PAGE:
David Bourget (Western Ontario)
David Chalmers (ANU, NYU)
Rafael De Clercq
Jack Alan Reynolds
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Journal of Consciousness Studies 14 (1):37-61 (2007)
The relationship between mental representation and consciousness is considered. What it means to 'represent', and several types of representation (e.g., analogue, digital, spatial, linguistic, mathematical), are described. Concepts relevant to mental representation in general (e.g., multiple levels of processing, structure/process differences, mapping) and in specific domains (e.g., mental imagery, linguistic/propositional theories, production systems, connectionism, dynamics) are discussed. Similarities (e.g., using distinctions between different forms of representation to predict different forms of consciousness, parallels between digital architectures of the brain and connectionist models) and dissociations (e.g., insensitivity to gaps in subjective experience, explicit memory/implicit memory, automatic processing/controlled processing, blindsight, neglect, prediction/ explanation) of mental representation and consciousness are discussed. It is concluded that representational systems are separable from consciousness systems, and that mental representation appears necessary but not sufficient for consciousness. Considerations for future research on correspondences between representation and consciousness are suggested.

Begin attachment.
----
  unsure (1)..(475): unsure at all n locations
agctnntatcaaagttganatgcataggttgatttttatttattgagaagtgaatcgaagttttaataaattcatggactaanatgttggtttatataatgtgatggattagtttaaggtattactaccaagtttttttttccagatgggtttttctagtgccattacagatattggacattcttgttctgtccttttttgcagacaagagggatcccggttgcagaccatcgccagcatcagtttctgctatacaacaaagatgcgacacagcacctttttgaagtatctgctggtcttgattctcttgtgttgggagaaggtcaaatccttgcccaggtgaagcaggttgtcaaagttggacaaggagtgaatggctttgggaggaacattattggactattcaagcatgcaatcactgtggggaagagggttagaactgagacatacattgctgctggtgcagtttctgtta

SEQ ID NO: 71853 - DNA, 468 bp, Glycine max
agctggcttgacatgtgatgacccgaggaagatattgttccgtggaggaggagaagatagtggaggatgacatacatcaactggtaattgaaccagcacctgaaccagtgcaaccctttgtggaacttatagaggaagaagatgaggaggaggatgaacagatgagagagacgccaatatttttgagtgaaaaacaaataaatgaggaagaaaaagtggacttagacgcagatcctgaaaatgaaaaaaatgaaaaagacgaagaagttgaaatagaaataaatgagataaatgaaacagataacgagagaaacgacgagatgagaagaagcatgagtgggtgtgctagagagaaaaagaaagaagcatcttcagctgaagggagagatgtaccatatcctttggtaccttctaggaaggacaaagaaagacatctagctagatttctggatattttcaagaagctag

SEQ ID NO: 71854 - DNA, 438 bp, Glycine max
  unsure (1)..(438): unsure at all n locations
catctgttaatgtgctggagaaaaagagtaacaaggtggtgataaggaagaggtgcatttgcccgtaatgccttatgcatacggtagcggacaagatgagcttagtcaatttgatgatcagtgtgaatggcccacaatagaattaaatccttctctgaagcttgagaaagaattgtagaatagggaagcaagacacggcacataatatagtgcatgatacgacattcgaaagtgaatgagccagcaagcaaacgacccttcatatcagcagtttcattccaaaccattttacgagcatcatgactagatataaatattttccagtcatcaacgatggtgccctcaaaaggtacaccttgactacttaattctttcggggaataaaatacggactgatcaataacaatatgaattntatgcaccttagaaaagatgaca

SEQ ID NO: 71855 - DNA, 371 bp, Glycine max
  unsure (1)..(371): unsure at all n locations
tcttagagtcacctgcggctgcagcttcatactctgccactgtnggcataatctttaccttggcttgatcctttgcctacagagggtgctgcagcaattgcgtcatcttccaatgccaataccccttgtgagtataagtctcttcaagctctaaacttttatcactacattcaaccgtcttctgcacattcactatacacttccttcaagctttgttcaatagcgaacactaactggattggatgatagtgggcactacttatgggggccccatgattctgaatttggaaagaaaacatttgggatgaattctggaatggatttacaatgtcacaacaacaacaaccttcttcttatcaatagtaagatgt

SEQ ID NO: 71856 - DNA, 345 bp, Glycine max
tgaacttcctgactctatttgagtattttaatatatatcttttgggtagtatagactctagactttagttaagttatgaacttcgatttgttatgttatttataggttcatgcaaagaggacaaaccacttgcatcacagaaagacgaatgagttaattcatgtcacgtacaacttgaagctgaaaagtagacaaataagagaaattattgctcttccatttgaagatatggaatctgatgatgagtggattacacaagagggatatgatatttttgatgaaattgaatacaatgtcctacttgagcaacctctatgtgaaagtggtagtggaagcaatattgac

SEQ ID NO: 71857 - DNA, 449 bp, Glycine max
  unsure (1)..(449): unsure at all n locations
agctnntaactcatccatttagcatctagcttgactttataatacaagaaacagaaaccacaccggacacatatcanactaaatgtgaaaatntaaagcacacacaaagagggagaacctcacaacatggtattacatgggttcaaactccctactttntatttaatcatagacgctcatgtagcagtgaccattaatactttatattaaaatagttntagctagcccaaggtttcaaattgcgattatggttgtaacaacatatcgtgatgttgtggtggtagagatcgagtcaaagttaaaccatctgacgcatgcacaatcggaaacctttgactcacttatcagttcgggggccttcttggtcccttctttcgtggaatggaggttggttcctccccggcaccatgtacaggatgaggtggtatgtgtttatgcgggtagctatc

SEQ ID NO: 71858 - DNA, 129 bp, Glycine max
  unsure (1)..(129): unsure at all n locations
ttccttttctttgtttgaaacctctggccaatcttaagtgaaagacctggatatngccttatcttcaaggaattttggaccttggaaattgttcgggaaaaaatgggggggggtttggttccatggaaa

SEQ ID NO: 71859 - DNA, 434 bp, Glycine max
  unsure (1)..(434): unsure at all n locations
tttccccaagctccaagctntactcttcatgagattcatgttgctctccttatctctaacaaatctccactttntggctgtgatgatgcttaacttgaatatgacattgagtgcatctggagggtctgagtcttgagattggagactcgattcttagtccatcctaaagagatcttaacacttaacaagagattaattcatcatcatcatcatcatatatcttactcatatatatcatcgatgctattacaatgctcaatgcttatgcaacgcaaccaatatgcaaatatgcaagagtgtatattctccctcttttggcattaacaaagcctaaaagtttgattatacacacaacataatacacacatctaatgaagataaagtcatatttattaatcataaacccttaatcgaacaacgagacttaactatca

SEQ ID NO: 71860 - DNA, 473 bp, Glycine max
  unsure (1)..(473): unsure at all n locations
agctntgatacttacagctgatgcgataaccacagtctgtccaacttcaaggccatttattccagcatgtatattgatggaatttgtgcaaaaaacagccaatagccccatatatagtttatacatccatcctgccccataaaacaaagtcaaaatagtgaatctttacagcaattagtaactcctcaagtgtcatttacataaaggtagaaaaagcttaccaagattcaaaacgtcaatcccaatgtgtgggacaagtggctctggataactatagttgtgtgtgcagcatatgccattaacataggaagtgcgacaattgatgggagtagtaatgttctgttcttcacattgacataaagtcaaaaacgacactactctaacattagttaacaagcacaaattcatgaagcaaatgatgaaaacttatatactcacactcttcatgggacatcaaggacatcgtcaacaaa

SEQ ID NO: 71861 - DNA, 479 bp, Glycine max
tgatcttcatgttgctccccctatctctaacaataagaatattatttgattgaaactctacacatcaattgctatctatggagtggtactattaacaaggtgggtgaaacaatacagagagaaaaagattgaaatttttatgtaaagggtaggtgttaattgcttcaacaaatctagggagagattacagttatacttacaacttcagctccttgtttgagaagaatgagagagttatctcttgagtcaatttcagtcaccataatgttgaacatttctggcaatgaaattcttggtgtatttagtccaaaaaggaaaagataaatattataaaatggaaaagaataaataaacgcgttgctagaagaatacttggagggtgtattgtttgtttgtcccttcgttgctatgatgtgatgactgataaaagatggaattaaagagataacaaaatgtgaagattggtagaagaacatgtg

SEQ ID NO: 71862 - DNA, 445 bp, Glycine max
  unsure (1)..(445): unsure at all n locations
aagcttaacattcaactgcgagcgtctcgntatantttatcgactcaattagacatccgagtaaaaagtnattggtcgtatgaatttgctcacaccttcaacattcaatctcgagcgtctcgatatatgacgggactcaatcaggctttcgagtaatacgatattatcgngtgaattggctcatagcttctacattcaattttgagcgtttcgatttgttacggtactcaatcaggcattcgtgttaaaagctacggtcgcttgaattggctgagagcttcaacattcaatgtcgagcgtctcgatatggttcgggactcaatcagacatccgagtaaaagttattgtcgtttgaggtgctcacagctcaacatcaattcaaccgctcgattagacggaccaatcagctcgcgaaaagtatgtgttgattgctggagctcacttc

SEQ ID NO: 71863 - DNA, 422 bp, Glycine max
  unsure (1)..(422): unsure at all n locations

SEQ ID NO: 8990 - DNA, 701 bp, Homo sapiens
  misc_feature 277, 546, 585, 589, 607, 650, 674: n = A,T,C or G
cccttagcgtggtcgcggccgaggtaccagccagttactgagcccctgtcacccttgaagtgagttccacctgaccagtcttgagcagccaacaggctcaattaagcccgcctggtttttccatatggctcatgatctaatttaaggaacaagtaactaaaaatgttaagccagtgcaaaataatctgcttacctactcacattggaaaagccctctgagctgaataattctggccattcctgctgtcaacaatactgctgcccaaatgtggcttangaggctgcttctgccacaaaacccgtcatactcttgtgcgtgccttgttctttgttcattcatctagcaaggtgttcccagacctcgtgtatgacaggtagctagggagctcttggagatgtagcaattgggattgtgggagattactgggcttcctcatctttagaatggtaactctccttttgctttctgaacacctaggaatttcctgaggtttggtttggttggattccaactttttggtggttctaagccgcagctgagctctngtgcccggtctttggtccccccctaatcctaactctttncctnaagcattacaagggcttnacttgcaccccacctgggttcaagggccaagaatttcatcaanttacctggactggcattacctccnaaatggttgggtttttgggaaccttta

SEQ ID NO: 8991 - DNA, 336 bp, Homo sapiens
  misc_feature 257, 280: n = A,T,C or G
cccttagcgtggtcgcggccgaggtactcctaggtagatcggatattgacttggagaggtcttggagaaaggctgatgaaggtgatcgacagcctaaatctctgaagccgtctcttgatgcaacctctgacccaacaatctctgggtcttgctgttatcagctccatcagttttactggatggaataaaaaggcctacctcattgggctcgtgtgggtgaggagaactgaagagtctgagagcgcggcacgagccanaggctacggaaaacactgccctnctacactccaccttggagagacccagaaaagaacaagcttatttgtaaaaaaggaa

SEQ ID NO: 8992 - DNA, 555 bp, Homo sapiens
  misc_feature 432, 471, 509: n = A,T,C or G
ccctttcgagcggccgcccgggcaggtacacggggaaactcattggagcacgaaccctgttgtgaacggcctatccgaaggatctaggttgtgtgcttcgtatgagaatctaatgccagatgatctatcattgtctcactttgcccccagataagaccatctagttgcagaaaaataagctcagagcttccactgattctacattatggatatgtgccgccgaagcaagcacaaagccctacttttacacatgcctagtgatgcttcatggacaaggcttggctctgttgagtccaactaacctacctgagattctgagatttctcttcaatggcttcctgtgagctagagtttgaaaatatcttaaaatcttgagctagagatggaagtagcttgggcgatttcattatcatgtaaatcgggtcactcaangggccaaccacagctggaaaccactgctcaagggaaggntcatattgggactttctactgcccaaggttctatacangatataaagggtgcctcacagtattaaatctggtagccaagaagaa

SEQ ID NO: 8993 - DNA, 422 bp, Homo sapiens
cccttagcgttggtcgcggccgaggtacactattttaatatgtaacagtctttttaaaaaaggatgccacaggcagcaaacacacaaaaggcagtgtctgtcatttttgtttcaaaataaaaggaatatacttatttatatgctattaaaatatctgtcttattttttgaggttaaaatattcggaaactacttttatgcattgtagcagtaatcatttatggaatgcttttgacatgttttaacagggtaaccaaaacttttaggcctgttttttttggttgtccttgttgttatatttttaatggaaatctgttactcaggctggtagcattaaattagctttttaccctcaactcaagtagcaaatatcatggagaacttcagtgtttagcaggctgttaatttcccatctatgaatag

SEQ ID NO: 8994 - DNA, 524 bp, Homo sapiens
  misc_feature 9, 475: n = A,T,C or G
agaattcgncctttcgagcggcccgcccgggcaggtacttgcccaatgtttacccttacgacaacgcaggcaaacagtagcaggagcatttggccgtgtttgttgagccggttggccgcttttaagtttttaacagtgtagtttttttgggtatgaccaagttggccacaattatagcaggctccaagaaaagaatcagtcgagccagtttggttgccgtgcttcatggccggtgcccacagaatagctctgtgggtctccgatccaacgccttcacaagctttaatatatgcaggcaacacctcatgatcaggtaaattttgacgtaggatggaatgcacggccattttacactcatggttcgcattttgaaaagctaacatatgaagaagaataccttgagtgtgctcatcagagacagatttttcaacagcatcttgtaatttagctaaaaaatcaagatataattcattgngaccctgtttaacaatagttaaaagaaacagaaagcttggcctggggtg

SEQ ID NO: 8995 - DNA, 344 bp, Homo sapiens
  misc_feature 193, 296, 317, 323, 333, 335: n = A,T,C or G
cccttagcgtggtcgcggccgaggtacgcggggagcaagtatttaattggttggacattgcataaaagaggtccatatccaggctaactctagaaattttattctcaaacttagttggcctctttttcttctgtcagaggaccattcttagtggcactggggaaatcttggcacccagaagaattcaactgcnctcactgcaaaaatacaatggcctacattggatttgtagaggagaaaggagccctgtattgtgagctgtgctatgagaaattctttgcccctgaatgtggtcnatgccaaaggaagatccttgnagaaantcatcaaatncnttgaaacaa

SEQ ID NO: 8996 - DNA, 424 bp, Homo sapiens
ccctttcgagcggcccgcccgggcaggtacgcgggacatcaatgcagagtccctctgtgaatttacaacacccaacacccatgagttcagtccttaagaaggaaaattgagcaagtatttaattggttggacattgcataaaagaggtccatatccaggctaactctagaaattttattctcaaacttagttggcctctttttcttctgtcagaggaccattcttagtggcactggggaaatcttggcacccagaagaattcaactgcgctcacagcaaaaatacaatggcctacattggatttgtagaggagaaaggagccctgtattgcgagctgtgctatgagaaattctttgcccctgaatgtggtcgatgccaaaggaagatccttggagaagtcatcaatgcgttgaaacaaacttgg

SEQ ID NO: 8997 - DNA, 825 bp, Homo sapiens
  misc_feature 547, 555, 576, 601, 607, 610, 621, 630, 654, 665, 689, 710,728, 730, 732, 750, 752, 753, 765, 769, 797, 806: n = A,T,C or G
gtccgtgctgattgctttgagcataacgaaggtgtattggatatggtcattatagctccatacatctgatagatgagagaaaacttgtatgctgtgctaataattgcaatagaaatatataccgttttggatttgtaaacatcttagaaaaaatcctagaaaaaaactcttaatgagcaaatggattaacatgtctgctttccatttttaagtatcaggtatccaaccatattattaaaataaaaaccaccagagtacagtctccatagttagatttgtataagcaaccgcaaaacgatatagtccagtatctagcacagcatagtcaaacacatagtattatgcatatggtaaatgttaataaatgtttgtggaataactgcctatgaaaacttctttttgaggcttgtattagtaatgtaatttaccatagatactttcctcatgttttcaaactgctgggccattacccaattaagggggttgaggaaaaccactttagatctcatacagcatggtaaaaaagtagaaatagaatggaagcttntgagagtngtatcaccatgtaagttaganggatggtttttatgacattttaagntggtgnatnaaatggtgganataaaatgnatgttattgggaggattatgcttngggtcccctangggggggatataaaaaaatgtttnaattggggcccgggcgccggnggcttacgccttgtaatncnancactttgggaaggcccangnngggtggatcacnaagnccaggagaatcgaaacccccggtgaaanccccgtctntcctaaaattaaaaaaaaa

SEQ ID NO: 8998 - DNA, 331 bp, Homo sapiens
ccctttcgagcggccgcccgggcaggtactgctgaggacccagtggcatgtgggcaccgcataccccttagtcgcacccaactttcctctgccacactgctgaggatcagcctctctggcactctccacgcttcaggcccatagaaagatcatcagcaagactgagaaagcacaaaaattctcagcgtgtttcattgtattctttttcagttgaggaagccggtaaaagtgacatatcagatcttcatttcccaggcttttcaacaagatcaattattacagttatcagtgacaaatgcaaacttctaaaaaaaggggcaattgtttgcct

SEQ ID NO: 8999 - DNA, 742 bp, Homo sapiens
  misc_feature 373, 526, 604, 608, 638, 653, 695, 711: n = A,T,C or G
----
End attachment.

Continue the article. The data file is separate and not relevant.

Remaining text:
|Keywords||*Cognition *Cognitive Processes *Consciousness States|
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